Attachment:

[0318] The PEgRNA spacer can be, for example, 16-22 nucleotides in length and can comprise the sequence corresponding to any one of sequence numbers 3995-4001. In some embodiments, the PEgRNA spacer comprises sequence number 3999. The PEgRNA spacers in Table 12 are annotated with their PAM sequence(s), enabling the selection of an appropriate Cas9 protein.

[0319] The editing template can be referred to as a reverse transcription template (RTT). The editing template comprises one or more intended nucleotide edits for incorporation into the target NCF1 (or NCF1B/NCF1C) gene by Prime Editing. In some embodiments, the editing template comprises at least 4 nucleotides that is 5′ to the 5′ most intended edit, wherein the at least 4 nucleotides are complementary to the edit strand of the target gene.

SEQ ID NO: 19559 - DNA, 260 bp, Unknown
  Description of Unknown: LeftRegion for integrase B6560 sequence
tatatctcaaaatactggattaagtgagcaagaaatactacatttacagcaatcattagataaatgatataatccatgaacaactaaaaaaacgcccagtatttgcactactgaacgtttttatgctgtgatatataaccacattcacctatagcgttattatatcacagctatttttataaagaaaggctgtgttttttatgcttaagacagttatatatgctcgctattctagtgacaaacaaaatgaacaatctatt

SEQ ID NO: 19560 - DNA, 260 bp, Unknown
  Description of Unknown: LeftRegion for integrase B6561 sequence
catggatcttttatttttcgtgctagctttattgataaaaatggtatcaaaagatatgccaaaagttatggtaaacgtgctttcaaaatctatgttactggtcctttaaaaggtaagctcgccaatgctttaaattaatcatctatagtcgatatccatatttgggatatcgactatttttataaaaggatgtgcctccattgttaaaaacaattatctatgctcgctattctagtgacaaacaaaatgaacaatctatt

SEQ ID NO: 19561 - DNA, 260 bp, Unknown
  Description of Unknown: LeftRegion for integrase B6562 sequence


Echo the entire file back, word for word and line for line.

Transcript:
[0318] The PEgRNA spacer can be, for example, 16-22 nucleotides in length and can comprise the sequence corresponding to any one of sequence numbers 3995-4001. In some embodiments, the PEgRNA spacer comprises sequence number 3999. The PEgRNA spacers in Table 12 are annotated with their PAM sequence(s), enabling the selection of an appropriate Cas9 protein.

[0319] The editing template can be referred to as a reverse transcription template (RTT). The editing template comprises one or more intended nucleotide edits for incorporation into the target NCF1 (or NCF1B/NCF1C) gene by Prime Editing. In some embodiments, the editing template comprises at least 4 nucleotides that is 5′ to the 5′ most intended edit, wherein the at least 4 nucleotides are complementary to the edit strand of the target gene.

SEQ ID NO: 19559 - DNA, 260 bp, Unknown
  Description of Unknown: LeftRegion for integrase B6560 sequence
tatatctcaaaatactggattaagtgagcaagaaatactacatttacagcaatcattagataaatgatataatccatgaacaactaaaaaaacgcccagtatttgcactactgaacgtttttatgctgtgatatataaccacattcacctatagcgttattatatcacagctatttttataaagaaaggctgtgttttttatgcttaagacagttatatatgctcgctattctagtgacaaacaaaatgaacaatctatt

SEQ ID NO: 19560 - DNA, 260 bp, Unknown
  Description of Unknown: LeftRegion for integrase B6561 sequence
catggatcttttatttttcgtgctagctttattgataaaaatggtatcaaaagatatgccaaaagttatggtaaacgtgctttcaaaatctatgttactggtcctttaaaaggtaagctcgccaatgctttaaattaatcatctatagtcgatatccatatttgggatatcgactatttttataaaaggatgtgcctccattgttaaaaacaattatctatgctcgctattctagtgacaaacaaaatgaacaatctatt

SEQ ID NO: 19561 - DNA, 260 bp, Unknown
  Description of Unknown: LeftRegion for integrase B6562 sequence